and 9 misses. As the scorer, how would you like to inform the
shooter that their first "clean" ever doesn't exist as far as the
Stat Office is concerned?
- To carry our example further, the shooter also has a
responsibility to make sure the score fired has been marked on the
card properly, and if not, to take the proper steps to change it
through the Range Officer. Never sign your scorecard until you
have fired the match and have verified the shot values and total
score shown on the card. Once you and the scorer have signed the
card, you've accepted the shot values indicated there and have no
- Know the difference between a "challenge" and a "protest". You
challenge the evaluation of a particular shot. You protest a) any
injustice you feel has been done to you (except evaluation of a
target): b) the conditions under which another shooter has been
permitted to fire, or c) the equipment which another competitor
has been permitted to use.
Some competitors feel that protesting is "causing trouble" and
they "don't want to make waves." These same competitors will then
complain "unofficially" about another competitor and everything
"that person's allowed to get away with." Don't forget, if you're
not part of the solution, you're part of the problem. If you, as a
competitor, see valid rule infractions which are not corrected
after notifying a match official, protest and get an official from
a Referee or Jury.
- Be punctual: Better than being punctual, get there early. An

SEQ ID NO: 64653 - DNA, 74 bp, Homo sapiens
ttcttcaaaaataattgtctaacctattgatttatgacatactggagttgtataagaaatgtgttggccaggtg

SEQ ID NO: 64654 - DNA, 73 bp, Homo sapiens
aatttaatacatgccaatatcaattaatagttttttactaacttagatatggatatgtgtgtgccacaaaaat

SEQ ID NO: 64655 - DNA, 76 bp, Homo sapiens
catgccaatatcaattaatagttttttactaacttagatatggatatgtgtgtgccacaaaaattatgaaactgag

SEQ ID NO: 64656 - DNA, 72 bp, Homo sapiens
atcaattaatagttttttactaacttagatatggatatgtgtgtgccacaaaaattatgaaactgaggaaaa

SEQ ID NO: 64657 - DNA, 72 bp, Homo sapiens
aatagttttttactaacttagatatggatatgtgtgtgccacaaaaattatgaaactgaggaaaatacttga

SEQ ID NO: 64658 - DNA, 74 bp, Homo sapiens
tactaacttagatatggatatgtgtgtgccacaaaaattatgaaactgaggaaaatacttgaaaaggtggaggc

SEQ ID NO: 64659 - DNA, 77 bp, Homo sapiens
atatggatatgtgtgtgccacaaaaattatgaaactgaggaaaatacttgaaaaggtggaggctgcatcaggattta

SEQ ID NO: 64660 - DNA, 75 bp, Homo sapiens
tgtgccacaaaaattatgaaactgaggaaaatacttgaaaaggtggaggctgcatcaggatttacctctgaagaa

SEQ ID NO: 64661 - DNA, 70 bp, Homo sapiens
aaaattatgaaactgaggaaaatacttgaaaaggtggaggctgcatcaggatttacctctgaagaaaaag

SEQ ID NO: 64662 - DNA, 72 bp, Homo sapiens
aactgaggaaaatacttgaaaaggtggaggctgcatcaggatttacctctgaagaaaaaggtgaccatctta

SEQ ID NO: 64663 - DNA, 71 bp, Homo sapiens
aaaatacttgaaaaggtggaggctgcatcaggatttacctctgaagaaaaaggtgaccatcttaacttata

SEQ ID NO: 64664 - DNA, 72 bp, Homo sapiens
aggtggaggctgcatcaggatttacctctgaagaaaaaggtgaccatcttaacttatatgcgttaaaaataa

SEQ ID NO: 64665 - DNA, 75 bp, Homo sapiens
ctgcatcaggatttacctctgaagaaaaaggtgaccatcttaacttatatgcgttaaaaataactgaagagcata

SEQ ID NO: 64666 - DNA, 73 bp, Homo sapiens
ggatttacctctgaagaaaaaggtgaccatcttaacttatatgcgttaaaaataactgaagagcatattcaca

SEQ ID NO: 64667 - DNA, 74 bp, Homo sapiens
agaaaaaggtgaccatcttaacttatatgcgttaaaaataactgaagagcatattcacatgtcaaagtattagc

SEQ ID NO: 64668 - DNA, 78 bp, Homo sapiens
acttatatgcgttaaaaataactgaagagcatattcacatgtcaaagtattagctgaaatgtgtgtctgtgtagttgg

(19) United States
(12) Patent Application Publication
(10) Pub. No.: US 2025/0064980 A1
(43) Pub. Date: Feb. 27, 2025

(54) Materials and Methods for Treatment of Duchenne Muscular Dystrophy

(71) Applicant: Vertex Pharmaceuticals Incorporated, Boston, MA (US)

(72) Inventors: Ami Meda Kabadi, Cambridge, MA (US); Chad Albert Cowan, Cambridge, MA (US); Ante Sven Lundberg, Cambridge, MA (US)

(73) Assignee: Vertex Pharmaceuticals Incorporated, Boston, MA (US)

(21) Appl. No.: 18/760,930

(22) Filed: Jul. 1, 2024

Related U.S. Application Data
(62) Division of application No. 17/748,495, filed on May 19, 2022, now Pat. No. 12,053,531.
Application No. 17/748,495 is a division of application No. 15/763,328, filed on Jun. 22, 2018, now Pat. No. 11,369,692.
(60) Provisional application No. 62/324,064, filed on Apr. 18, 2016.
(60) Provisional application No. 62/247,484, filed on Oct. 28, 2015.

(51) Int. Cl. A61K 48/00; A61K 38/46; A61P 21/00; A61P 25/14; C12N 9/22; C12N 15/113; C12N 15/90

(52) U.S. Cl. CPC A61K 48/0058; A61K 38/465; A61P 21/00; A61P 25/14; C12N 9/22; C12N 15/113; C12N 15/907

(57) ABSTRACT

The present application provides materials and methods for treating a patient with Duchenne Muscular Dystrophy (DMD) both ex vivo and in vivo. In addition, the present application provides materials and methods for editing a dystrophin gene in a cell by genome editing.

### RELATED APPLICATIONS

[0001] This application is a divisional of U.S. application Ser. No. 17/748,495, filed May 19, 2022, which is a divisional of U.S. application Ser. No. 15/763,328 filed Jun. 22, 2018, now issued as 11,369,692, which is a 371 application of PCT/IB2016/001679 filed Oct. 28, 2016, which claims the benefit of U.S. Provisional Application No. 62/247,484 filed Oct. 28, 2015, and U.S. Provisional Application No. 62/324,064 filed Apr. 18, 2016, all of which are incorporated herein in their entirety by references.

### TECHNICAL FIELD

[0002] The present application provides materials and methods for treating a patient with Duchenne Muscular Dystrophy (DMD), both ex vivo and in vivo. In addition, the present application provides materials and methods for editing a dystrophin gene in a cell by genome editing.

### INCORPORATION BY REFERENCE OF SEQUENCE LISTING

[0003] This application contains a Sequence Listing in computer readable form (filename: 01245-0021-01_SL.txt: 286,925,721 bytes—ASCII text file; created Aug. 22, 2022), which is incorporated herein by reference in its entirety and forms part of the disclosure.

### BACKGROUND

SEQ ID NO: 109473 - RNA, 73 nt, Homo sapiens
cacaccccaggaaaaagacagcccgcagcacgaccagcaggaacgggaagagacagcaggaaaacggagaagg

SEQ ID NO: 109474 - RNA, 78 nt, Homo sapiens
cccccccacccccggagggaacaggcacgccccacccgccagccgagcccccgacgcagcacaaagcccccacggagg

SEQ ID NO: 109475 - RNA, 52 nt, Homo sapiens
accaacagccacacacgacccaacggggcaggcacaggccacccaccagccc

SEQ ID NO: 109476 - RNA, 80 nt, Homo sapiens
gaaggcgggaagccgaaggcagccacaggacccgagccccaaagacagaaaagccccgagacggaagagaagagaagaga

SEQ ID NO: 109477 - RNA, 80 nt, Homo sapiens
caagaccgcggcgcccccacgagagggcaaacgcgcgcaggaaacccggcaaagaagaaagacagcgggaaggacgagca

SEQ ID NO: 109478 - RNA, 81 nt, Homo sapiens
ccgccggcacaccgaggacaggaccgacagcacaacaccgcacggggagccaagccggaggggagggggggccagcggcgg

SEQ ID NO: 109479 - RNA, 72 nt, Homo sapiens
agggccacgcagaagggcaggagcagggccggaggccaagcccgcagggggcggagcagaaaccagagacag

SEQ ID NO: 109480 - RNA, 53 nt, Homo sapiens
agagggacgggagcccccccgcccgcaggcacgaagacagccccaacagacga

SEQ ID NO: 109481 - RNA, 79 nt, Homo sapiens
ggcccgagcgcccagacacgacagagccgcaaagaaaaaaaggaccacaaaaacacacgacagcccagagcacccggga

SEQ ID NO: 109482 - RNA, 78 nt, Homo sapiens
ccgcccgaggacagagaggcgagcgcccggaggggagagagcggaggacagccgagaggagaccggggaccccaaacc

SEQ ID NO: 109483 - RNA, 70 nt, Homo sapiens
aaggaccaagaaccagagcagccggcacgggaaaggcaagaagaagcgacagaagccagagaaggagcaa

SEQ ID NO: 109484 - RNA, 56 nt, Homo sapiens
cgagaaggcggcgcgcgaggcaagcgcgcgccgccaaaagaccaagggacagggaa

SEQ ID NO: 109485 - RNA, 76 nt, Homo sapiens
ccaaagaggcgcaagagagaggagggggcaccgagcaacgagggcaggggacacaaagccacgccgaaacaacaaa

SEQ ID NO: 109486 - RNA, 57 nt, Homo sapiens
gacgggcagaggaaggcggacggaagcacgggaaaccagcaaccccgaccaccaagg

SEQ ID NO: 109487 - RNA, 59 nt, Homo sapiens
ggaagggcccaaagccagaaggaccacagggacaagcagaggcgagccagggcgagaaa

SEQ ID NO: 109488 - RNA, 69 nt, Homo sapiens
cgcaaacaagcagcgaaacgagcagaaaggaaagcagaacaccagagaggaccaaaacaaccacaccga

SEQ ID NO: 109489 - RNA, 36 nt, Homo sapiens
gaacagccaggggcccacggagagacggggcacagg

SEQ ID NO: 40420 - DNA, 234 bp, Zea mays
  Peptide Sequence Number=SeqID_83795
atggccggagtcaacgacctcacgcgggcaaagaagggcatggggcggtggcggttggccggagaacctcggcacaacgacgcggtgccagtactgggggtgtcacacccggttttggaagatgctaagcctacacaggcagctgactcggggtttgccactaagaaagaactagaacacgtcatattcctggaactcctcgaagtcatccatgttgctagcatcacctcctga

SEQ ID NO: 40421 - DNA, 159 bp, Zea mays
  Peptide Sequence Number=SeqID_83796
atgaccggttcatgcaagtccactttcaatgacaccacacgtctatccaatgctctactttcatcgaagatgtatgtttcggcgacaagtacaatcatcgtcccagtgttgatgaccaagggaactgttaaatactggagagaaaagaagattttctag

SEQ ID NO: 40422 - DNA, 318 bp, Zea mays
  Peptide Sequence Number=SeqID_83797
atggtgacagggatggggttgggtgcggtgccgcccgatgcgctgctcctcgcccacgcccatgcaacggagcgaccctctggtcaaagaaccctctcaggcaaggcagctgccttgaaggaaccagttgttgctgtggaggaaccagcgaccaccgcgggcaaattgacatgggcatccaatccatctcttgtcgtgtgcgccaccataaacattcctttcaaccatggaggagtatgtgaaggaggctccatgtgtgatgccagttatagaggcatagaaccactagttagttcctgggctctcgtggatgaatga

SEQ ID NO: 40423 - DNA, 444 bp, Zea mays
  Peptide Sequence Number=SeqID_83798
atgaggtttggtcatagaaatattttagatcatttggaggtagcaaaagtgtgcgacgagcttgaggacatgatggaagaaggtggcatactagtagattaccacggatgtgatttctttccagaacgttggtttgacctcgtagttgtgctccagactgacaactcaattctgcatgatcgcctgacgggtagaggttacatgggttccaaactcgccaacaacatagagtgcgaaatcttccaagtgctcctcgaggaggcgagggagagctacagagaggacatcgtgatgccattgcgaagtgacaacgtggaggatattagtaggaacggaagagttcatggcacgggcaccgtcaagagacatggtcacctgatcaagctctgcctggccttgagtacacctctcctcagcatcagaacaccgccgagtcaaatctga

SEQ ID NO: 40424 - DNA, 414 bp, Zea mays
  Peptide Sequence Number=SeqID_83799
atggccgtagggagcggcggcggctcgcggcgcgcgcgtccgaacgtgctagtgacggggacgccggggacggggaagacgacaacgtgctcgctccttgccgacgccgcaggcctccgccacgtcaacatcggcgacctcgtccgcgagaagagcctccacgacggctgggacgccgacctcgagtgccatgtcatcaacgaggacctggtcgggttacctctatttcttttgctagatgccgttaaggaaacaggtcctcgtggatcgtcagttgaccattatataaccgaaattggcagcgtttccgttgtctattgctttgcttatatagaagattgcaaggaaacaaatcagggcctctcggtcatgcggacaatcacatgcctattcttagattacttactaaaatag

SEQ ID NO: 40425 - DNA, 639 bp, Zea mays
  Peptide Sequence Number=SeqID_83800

hour is sometimes not too long to get squadding, get out your
gear, and ready to participate. If the program states the match
begins at 8:00 am, you can be 99% sure that the first relay will
be on the line at 8:00 am ready to shoot. Allow yourself plenty of
time to get to the match, especially if the location of the range
is unfamiliar to you. Arriving late and rushing about to get
yourself and your equipment ready is almost guaranteed to ruin
your shooting day, so give yourself plenty of time. If you arrive
after the 3 minute preparation period, you might not be able to
shoot at all.
- Don't be afraid to go to your first match. Everyone has to
start somewhere. Provided you follow the rules, other shooters are
always happy and willing to answer questions and help you along.
- Offer to help out. The vast majority of tournaments are
conducted by just a handful of volunteers. Extra help is always
welcome. Granted, you've paid your entry fee and are entitled to
devote your attention to your shooting, but you can still offer to
police the range after the match, put away equipment or any number
of other tasks. Without the people who give up their shooting time
in order to provide it for others, there wouldn't be a tournament.
So do your part as a competitor.
- Be sure clothing worn to a tournament reflects your concern
for comfort and safety as well as recognition on your part that
competitive shooting should be represented in as positive a manner
as possible. Especially when TV or newspaper coverage will take
place, attire should be in good taste in order to enhance the
image of this sport being conveyed to the general public. Items
containing controversial or offensive slogans or which, in any
other way, could detract from the traditional sporting aspect of
competition are unnecessary and strongly discouraged. In some
cases, inappropriate clothing could be the basis for a match
sponsor not allowing a competitor to participate.
- Enjoy yourself. Sometimes it's hard to remember to do that,
but try to keep in mind that while competitive shooting can be
serious, demanding, and nerve-wracking, it is still great fun and
is populated by the nicest people in the world - other shooters.
Permission is granted to reproduce this document provided credit
is given to the NRA
© National Rifle Association of America